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Fox Students Explore Role of Gender Toys in Merchandising at Target Case Competition

April 19, 2018 //

On April 4, five teams consisting of Fox School undergraduate students participated in the On Target Case Competition, sponsored by Target and hosted by the Center for Student Professional Development. They were asked to act as consultants in order to address a corporate issue—in this case, the role of gender toys in merchandising—spanning multiple functional areas of Target’s business. The five finalist teams, whittled down earlier from 15 overall team submissions, received a collective total of $3,500 in prizes. The winning team went home with $1,300.

“There were so many innovative ideas and solutions,” said Anita Galiano, a senior field campus recruiting leader at Target and one of the competition judges. “Their professionalism, from their demeanor to how they projected themselves from a research standpoint and really dove into the case study, was impressive. There’s normally a point when teams stumble, like if we throw a wrench in their plans, but the winning team was very committed to their plan and quickly came up with great advice and answers.”

The winning team consisted of students Cong No, Tung Nguyen, Quyen Le, and Thao Nguyen, whose pitch to Target was a plan titled “PlayVenture.” It included the implementation of an indoor play area where kids could test new toys and shoppers could earn rewards, the development of new in-store displays to promote gender-neutral product categorization, and the creation of an internal toy brand.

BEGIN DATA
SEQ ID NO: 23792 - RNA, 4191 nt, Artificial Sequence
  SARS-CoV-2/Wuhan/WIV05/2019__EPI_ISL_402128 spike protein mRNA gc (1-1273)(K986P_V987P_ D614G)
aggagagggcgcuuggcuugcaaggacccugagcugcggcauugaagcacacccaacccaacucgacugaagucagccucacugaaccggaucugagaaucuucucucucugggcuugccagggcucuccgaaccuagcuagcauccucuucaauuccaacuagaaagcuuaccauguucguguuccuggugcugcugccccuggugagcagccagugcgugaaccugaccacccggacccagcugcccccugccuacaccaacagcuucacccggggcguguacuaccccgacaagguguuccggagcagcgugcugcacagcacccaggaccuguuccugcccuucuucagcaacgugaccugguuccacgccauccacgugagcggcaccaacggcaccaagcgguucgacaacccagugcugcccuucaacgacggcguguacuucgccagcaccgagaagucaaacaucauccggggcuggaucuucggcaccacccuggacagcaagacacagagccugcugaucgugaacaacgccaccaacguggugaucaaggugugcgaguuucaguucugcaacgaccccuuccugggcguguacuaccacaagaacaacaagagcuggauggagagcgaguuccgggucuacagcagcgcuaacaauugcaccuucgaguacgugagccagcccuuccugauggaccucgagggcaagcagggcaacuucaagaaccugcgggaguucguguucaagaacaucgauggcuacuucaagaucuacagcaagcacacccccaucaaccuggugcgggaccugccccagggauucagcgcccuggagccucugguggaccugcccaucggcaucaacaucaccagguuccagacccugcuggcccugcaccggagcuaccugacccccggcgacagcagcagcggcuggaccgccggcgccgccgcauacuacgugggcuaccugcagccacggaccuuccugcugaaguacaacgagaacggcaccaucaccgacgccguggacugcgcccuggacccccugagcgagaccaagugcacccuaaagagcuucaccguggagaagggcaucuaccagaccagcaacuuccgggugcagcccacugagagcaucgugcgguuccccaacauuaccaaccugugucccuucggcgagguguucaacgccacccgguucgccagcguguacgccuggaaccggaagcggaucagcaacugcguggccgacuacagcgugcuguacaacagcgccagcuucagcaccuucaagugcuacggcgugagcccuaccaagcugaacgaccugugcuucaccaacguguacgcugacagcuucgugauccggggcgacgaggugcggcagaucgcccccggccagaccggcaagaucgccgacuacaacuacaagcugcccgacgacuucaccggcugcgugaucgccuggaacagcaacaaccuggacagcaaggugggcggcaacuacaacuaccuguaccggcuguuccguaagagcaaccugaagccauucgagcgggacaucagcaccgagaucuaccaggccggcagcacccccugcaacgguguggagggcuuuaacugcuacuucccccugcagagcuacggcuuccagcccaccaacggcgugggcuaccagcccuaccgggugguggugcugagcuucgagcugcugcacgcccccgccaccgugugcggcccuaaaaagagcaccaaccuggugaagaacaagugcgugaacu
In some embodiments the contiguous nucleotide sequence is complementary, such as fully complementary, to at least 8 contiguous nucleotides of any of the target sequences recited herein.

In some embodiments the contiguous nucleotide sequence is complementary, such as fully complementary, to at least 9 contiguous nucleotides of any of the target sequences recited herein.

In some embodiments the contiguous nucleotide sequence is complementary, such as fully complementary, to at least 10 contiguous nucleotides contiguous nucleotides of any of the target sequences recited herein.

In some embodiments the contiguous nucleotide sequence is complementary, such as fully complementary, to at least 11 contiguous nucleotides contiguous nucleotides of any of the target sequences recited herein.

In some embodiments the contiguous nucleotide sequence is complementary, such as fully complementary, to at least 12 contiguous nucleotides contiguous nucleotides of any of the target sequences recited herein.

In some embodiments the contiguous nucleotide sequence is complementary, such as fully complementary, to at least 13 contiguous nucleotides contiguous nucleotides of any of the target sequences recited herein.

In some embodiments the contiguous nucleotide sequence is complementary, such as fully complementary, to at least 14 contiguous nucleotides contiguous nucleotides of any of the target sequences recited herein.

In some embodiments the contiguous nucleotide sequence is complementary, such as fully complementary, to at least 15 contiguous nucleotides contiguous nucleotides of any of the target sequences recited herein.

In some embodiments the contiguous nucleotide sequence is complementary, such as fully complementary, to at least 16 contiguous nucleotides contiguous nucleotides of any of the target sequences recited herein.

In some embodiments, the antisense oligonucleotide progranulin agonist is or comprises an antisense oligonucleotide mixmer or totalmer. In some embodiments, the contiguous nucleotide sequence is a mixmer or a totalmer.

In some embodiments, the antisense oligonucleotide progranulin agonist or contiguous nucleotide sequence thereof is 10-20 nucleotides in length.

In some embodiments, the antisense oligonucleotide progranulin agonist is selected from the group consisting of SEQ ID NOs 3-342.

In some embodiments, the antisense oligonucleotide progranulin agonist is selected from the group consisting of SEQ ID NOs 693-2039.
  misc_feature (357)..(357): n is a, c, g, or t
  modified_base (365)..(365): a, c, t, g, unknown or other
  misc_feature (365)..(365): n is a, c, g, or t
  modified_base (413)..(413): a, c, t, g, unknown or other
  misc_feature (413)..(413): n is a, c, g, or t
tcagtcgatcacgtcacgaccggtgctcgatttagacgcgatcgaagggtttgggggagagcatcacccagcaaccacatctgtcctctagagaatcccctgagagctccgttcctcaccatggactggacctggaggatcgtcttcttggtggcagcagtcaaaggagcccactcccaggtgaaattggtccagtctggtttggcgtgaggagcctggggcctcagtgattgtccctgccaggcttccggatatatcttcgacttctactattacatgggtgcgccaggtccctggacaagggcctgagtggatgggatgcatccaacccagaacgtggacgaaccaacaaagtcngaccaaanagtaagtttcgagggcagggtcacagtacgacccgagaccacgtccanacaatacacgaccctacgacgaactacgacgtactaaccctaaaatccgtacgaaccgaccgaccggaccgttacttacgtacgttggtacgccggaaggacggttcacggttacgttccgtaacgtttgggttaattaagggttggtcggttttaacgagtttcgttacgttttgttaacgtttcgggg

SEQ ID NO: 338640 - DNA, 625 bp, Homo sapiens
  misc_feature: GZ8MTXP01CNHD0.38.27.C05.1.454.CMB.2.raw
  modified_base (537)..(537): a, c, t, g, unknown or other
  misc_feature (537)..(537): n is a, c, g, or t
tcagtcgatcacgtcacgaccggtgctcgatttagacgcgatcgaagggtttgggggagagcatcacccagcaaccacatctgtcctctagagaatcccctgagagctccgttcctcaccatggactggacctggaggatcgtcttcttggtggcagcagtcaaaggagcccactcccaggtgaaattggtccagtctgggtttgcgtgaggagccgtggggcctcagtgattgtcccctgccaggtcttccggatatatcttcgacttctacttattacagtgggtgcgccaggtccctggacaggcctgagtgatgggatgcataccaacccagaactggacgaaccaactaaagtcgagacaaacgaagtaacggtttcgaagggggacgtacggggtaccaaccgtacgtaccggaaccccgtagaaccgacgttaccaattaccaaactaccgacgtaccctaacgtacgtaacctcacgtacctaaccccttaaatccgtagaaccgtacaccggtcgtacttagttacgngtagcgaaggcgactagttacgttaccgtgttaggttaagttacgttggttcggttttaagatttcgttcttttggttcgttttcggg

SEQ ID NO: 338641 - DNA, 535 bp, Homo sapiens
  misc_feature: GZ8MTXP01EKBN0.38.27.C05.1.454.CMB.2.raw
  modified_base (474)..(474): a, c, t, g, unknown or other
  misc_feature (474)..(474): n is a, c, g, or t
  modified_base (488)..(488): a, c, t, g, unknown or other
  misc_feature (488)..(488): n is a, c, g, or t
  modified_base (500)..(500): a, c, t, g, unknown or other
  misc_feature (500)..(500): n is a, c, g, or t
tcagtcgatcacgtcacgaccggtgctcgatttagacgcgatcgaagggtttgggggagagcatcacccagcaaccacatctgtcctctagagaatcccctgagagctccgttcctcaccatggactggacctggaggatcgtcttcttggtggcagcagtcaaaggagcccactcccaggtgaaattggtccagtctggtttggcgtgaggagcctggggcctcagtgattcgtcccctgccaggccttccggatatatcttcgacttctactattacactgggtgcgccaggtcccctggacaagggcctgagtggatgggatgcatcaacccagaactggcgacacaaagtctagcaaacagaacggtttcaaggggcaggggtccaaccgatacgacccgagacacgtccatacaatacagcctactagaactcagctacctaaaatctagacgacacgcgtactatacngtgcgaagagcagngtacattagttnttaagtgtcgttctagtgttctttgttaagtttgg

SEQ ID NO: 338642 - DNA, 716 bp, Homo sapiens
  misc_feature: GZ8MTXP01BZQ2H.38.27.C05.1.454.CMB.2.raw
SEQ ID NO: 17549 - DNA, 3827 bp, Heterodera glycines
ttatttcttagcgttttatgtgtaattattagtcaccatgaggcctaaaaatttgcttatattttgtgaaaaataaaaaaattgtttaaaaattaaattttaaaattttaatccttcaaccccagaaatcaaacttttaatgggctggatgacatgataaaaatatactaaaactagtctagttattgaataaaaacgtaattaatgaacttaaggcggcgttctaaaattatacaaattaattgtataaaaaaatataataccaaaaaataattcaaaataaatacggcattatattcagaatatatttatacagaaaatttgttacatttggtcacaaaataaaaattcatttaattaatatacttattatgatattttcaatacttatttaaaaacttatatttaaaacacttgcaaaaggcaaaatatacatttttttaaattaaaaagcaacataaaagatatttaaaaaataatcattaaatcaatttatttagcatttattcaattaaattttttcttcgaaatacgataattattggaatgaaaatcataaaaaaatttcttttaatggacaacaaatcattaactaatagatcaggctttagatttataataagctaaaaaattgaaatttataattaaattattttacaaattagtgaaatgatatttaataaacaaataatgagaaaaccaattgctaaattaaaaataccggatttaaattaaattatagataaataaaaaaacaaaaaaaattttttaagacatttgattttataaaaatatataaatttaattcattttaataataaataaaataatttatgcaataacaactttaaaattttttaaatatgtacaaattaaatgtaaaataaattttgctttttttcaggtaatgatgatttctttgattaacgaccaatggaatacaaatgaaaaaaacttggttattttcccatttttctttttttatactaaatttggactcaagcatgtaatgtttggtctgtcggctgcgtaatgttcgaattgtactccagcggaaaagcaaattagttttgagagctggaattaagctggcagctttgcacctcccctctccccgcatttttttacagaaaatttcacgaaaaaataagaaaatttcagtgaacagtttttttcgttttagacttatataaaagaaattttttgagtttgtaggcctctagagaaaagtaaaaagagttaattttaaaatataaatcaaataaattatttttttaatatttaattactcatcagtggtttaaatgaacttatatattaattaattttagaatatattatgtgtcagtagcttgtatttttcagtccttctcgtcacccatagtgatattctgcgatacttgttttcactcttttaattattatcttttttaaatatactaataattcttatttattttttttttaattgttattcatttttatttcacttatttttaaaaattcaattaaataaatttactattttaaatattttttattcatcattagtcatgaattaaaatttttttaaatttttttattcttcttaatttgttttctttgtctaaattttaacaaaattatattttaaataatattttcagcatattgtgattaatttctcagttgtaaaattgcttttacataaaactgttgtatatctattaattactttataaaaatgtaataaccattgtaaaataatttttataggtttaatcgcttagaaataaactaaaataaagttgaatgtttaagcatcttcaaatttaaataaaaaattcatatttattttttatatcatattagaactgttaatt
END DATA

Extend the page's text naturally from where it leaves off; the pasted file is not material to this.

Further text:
“The most valuable lesson we learned was that trying our best always led to worthwhile results,” said Thao Nguyen, a member of the winning team. “We did a lot of research about toy trends, especially gender neutrality in the toy industry, and we pushed ourselves to come up with creative ideas. Another valuable lesson we learned was that understanding our teammates was key to the group work. Because the process was very long and we were all busy with studying and other things, we respected each other’s busy schedules and had flexible meetings. Therefore, everyone had the chance to contribute to the team work.”

“What made our team a good team,” Nguyen continued, “was that we really paid attention when our teammates were talking so we could pick out strong and creative points. By doing so, we were all respected within the team, and we created a comfortable and conducive working environment.”

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